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Emergency Preparedness

Emergency PreparednessEmergency Preparedness  

It's Time To Get Ready

There are any number of ways our normal lives can be turned upside down. A blizzard, ice storm, tornado, earthquake or hurricane may interrupt power and water service for days, maybe even weeks. Our own government officials have said that citizens need to be prepared with supplies to help them through at least 72 hours of utility interruption. Coleman helps you be prepared for outdoor activity, but we can also help you be prepared should an emergency arise. The same equipment that helps you have fun at the campsite helps you get by if the power grid goes down.

"Assemble and maintain a disaster supplies kit with food, water, medications, fuel and personal items adequate for up to 2 weeks - the more the better".—Are you Ready: A Guide to Citizen Preparedness, 2002, FEMA Page 91

When the power goes out, the Coleman gear that comes in so handy for camping will allow you to:

  • Ensure that you have potable water by boiling water on your Coleman stove, in case of a boil order.
  • Prepare any food that simply needs heating, or boiled water. This will also allow you to boil water for infant formula.
  • Coleman battery lighting works when the lights are out—for a night, a week, or longer, and can be used by the entire family.
  • We have a line of first aid kits, ranging from small to large.
  • Coleman fueled lanterns provide powerful area lighting for dark exteriors.
  • Packets of dehydrated meals simple to prepare by adding boiled water
  • If the heater isn't running, we have sleeping bags that can keep you warm down to -5 degrees F.
  • A wide line of rain-resistant apparel, as well as sturdy footwear for working outside in inclement weather
  • Tools for simple repairs
  • Handy 16.4 oz Coleman propane cylinders are convenient, affordable, portable, and indispensible.

At Coleman, we believe it's time for all of us to take action. So we've created a checklist called The Basics. It includes the absolute necessities to have on hand before the storm season starts.

The Basics begins with a call for common sense. Listen to all warnings and take them seriously. It continues with a dozen checkpoints of items that would really be missed if they weren't available during a hurricane or other disaster.

  • Fresh water and non-perishable, non-refrigerated food for at least three days
  • Flashlights,lanterns and extra batteries or fuel
  • Portable stove and fuel
  • First aid kit and medicines
  • Special items for babies, the elderly and pets
  • Sleeping bags, pillows, airbeds and manual or battery-powered pump
  • Raingear and sturdy footwear
  • Tools for simple repairs
  • A charged cell phone
  • A battery-powered radio or TV
  • Enough cash for at least three days
  • A working car with a full gas tank

For additional disaster readiness information, visit these sites:


Be Prepared

Don't put it off until a storm is approaching or has already struck. If the power outage and local damage is widespread, supplies will be quickly exhausted at area stores. Emergency preparedness experts advise that a home should be prepared to be self-sufficient for at least 72 hours.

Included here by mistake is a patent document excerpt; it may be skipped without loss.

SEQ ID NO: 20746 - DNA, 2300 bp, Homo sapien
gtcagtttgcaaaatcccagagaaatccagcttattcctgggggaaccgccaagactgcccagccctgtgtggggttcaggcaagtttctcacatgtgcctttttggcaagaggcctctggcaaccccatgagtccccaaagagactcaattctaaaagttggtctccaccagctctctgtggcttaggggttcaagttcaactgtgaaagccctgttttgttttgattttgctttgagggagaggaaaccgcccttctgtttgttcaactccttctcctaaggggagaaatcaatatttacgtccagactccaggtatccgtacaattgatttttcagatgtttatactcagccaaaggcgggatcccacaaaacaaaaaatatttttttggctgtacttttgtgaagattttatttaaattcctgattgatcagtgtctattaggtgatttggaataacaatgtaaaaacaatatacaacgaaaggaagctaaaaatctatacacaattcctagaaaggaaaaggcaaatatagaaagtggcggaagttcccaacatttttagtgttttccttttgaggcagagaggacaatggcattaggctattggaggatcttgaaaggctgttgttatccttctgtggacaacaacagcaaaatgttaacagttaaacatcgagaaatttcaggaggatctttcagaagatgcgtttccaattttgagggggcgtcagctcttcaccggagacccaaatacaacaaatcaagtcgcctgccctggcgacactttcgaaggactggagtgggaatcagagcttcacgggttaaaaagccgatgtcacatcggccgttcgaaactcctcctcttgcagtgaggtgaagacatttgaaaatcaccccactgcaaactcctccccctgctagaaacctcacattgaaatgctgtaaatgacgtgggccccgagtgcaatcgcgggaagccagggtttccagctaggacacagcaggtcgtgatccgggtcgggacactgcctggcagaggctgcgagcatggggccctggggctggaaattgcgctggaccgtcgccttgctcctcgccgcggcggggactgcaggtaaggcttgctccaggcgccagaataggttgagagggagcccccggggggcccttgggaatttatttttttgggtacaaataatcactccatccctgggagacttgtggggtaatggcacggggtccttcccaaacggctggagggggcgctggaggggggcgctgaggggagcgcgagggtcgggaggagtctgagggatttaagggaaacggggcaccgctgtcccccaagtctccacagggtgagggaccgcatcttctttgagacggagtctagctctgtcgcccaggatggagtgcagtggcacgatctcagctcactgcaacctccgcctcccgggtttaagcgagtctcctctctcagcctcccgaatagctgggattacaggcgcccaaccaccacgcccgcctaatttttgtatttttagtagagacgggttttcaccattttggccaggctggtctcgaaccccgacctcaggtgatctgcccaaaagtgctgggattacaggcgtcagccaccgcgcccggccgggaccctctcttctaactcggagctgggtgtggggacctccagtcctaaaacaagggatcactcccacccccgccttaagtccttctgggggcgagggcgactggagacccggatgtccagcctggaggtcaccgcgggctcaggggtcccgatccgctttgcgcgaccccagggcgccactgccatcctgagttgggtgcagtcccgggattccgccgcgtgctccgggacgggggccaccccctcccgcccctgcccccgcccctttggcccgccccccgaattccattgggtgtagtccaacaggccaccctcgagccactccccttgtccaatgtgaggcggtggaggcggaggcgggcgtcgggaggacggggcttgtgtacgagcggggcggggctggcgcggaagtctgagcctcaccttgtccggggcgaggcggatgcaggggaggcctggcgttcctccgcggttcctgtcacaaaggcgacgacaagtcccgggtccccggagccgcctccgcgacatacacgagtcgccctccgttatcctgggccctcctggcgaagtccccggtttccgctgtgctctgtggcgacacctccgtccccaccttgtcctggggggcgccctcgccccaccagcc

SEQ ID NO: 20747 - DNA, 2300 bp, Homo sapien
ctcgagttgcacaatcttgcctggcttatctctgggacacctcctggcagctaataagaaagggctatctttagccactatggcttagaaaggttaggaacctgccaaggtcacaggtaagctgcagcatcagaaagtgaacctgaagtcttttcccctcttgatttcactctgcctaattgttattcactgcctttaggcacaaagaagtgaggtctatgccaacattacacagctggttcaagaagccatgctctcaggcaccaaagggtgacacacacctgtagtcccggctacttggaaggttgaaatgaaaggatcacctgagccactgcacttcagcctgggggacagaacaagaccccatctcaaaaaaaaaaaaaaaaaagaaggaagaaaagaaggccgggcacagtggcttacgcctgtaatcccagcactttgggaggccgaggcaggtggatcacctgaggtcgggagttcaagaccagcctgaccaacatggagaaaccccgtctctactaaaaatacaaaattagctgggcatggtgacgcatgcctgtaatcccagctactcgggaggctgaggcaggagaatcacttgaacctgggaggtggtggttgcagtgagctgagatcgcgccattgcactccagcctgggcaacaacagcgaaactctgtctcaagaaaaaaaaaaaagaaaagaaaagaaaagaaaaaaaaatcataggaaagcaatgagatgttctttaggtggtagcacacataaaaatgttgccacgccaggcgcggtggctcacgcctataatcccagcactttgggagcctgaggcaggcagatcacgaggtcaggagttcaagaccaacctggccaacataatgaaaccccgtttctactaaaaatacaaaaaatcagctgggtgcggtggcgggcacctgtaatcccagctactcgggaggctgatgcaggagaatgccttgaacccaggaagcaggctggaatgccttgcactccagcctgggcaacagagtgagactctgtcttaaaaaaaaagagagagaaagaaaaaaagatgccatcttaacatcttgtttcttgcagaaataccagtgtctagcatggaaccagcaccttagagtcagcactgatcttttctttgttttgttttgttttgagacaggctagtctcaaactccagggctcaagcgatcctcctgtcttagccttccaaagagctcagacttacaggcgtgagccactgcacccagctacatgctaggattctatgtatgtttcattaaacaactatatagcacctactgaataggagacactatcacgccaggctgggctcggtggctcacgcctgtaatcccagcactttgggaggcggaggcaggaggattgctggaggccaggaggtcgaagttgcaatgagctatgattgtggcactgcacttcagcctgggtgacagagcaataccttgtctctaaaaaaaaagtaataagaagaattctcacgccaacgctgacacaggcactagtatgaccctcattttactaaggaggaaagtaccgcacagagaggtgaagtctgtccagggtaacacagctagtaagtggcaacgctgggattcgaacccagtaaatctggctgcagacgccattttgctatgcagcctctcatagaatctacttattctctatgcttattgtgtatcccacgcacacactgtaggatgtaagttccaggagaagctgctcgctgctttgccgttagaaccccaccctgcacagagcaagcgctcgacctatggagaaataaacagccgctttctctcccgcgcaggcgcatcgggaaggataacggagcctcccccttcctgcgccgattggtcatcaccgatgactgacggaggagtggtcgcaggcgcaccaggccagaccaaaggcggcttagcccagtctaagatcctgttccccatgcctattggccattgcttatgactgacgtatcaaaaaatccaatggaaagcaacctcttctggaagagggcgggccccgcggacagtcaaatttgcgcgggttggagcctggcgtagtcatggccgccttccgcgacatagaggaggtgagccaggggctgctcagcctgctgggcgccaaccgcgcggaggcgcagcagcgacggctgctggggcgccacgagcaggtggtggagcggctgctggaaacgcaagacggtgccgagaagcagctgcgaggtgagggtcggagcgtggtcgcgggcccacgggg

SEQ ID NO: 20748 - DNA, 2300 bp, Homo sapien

Check the batteries

Have two extra sets of batteries on hand for each flashlight, fluorescent lantern, radio and other essential battery-powered equipment. Store the batteries with the products, but not inside them. Dead batteries can leak and cause damage if left inside battery compartments for long periods. Better yet, invest in rechargeable or hand-powered lights and radios. Shop for Battery Lanterns or Flashlights.

Keep fuel lanterns on hand, too

Although flashlights are a useful and necessary source of portable light, they are not as bright as fuel-powered lanterns. Always have on hand the appropriate fuel for your lantern and campstove, and store the fuel outside in a proper location. Fuel-powered lanterns must never be used indoors. Shop for Propane Lanterns, Liquid Fuel Lanterns, or Kerosene Lanterns.

Don't forget the stove

Campstoves provide a perfect cooking alternative when home electric or gas stoves are inoperable. A two-burner campstove is a compact, portable and convenient means to provide hot meals and hot drinks for days on end if necessary. Models are available that run on propane or liquid camping fuel (sometimes called white gas). In addition Coleman® Dual Fuel™ models can run on either liquid camping fuel or unleaded gasoline. It's a good idea to select a stove that uses the same type of fuel as your lantern. Fuel-powered campstoves must never be used indoors. Shop for stoves.

Safe water for drinking and cooking is essential

Maintain adequate quantities of bottled water, or acquire safe tap water and store it temporarily in 5- to 10-gallon beverage coolers or picnic jugs when severe weather warnings are issued. Municipal water supplies can become tainted quickly in the wake of certain storms. Follow recommended boiling procedures once stored supplies are exhausted. Shop for Jugs and Beverage Coolers.

Check your food supply

Always have on hand at least a three-day supply of canned goods and other non-perishables. Fresh and frozen foods can spoil quickly when the electricity goes out, so transfer meats and other perishables into insulated coolers, using block ice, crushed ice or reusable ice substitute packs. Eat perishable items first to avoid spoilage. Shop for Coolers.

Stay warm

During cold weather emergencies, sleeping bags can be used for auxiliary bedding. Shop for Sleeping Bags.